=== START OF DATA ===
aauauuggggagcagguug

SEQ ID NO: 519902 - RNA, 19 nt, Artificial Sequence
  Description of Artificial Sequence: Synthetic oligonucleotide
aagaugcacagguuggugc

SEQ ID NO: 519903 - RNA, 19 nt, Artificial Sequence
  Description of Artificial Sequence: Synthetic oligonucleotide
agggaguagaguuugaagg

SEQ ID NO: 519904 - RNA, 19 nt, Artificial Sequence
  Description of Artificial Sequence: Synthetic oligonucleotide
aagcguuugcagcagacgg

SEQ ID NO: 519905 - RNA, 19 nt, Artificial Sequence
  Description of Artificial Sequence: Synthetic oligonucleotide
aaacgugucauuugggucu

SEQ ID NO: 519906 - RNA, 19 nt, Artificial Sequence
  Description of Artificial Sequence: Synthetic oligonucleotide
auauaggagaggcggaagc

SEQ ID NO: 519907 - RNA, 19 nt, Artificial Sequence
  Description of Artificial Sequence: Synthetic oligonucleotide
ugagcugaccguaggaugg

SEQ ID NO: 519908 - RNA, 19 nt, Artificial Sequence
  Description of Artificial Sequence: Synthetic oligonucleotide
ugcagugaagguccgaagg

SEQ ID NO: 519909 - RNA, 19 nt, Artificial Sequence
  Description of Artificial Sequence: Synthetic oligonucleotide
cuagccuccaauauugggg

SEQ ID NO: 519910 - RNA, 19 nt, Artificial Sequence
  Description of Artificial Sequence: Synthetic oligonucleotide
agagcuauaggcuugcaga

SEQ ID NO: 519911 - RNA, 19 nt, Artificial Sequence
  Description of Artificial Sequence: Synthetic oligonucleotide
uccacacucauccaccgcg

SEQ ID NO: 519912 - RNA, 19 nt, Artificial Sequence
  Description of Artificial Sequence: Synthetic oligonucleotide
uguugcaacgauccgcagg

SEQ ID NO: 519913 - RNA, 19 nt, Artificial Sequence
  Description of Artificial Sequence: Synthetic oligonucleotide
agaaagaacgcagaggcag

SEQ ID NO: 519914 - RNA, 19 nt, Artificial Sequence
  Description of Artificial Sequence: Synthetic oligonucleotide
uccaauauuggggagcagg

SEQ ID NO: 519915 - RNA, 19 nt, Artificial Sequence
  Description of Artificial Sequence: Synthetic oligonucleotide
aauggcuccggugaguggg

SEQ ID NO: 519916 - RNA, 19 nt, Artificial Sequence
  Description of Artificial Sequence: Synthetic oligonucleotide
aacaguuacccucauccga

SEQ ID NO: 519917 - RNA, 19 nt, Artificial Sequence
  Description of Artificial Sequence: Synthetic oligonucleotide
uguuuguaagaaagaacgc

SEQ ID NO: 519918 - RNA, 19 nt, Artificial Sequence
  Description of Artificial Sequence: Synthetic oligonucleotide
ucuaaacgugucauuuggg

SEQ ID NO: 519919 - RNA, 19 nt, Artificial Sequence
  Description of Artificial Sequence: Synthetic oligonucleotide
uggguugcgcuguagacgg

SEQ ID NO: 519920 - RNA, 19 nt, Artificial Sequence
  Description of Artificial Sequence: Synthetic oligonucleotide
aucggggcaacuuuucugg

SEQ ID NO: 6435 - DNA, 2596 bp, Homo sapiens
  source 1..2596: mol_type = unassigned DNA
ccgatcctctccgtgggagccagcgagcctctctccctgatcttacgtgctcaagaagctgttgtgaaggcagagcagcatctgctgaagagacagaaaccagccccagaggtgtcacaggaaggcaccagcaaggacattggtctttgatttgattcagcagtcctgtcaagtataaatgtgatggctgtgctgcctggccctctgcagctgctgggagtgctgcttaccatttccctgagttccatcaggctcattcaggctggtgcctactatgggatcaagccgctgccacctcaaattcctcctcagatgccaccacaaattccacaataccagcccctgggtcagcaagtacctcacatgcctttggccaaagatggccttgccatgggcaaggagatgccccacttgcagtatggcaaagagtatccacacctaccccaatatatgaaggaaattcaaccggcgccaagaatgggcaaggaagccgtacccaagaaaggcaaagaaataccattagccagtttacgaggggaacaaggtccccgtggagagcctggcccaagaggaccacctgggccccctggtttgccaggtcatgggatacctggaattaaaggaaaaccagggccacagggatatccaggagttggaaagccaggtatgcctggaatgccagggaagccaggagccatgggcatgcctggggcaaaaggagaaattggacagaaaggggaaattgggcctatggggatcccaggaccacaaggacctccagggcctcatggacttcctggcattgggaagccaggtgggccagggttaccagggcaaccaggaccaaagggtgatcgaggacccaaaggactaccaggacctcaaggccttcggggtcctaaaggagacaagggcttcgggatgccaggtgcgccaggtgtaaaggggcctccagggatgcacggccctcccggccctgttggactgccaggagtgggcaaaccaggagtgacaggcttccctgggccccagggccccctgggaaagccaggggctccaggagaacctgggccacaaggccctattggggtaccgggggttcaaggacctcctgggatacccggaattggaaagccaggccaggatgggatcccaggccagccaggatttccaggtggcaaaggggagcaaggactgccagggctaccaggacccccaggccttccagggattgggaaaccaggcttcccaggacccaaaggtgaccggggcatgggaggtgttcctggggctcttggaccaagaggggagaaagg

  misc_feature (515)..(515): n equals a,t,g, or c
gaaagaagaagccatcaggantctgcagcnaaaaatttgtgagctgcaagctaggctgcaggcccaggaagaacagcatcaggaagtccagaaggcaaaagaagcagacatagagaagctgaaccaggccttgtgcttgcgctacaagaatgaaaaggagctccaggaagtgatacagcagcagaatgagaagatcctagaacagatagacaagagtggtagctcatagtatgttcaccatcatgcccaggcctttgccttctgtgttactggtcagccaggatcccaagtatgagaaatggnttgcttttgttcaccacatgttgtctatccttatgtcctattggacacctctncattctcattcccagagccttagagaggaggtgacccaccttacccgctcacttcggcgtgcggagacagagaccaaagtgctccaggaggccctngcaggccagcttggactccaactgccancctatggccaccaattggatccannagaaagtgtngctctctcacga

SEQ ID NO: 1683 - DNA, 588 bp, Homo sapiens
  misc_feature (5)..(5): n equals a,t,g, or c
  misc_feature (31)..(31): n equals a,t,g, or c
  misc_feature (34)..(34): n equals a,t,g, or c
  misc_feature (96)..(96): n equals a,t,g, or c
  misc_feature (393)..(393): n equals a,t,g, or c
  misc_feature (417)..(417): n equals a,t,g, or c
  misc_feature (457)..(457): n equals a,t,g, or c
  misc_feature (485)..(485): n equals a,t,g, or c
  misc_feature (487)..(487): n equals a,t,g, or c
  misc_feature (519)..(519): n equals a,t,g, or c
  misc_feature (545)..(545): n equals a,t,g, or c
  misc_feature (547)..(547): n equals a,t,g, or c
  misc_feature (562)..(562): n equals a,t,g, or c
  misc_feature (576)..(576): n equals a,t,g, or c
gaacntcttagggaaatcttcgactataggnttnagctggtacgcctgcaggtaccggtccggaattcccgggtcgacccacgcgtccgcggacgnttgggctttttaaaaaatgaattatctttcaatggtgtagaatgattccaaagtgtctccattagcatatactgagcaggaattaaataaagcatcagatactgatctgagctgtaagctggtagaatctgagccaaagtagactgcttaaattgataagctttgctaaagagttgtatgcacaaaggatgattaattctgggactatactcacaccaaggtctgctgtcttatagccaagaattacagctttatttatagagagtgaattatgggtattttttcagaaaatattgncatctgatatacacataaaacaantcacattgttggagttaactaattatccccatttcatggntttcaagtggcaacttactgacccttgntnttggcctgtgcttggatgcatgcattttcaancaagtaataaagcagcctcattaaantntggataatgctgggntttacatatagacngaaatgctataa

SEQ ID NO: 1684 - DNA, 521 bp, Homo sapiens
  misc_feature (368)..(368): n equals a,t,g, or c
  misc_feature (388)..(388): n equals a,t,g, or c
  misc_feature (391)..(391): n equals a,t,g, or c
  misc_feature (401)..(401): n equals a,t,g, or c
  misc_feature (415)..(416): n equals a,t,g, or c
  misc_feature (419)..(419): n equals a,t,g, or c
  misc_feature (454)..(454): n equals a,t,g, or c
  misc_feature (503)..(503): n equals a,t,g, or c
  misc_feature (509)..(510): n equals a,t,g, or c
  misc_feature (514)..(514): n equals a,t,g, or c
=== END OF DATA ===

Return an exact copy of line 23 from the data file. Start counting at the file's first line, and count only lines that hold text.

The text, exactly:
SEQ ID NO: 519909 - RNA, 19 nt, Artificial Sequence